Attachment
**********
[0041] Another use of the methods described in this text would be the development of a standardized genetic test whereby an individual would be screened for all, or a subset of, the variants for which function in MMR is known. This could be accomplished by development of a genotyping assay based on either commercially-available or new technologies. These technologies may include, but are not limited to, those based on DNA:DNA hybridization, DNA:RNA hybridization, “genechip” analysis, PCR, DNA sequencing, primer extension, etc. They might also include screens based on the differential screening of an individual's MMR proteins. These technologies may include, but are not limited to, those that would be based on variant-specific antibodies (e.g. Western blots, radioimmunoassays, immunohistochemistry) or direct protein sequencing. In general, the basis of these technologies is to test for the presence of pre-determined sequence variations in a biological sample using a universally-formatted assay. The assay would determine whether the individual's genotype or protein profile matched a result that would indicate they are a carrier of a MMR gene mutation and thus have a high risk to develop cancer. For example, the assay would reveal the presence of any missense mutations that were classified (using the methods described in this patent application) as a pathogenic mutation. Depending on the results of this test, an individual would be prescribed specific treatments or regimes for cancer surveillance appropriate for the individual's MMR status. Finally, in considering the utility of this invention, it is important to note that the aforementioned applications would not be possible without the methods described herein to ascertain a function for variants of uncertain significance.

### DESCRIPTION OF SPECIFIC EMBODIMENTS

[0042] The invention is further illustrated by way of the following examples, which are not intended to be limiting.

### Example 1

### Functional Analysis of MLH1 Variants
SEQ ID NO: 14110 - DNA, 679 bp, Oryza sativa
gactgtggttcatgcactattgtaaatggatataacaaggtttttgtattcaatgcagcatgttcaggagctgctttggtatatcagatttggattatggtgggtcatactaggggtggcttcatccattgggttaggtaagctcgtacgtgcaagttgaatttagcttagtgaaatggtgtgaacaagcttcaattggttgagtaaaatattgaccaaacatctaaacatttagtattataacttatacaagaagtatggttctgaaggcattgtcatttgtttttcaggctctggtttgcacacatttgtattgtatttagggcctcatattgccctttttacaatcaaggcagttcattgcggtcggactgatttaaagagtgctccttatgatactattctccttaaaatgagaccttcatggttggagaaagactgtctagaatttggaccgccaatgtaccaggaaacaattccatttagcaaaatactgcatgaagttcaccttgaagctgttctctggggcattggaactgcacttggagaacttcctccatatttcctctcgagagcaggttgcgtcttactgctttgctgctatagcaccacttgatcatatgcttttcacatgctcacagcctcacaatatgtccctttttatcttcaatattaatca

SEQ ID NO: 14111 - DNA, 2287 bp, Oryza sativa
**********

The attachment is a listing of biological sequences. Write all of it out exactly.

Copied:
[0041] Another use of the methods described in this text would be the development of a standardized genetic test whereby an individual would be screened for all, or a subset of, the variants for which function in MMR is known. This could be accomplished by development of a genotyping assay based on either commercially-available or new technologies. These technologies may include, but are not limited to, those based on DNA:DNA hybridization, DNA:RNA hybridization, “genechip” analysis, PCR, DNA sequencing, primer extension, etc. They might also include screens based on the differential screening of an individual's MMR proteins. These technologies may include, but are not limited to, those that would be based on variant-specific antibodies (e.g. Western blots, radioimmunoassays, immunohistochemistry) or direct protein sequencing. In general, the basis of these technologies is to test for the presence of pre-determined sequence variations in a biological sample using a universally-formatted assay. The assay would determine whether the individual's genotype or protein profile matched a result that would indicate they are a carrier of a MMR gene mutation and thus have a high risk to develop cancer. For example, the assay would reveal the presence of any missense mutations that were classified (using the methods described in this patent application) as a pathogenic mutation. Depending on the results of this test, an individual would be prescribed specific treatments or regimes for cancer surveillance appropriate for the individual's MMR status. Finally, in considering the utility of this invention, it is important to note that the aforementioned applications would not be possible without the methods described herein to ascertain a function for variants of uncertain significance.

### DESCRIPTION OF SPECIFIC EMBODIMENTS

[0042] The invention is further illustrated by way of the following examples, which are not intended to be limiting.

### Example 1

### Functional Analysis of MLH1 Variants
SEQ ID NO: 14110 - DNA, 679 bp, Oryza sativa
gactgtggttcatgcactattgtaaatggatataacaaggtttttgtattcaatgcagcatgttcaggagctgctttggtatatcagatttggattatggtgggtcatactaggggtggcttcatccattgggttaggtaagctcgtacgtgcaagttgaatttagcttagtgaaatggtgtgaacaagcttcaattggttgagtaaaatattgaccaaacatctaaacatttagtattataacttatacaagaagtatggttctgaaggcattgtcatttgtttttcaggctctggtttgcacacatttgtattgtatttagggcctcatattgccctttttacaatcaaggcagttcattgcggtcggactgatttaaagagtgctccttatgatactattctccttaaaatgagaccttcatggttggagaaagactgtctagaatttggaccgccaatgtaccaggaaacaattccatttagcaaaatactgcatgaagttcaccttgaagctgttctctggggcattggaactgcacttggagaacttcctccatatttcctctcgagagcaggttgcgtcttactgctttgctgctatagcaccacttgatcatatgcttttcacatgctcacagcctcacaatatgtccctttttatcttcaatattaatca

SEQ ID NO: 14111 - DNA, 2287 bp, Oryza sativa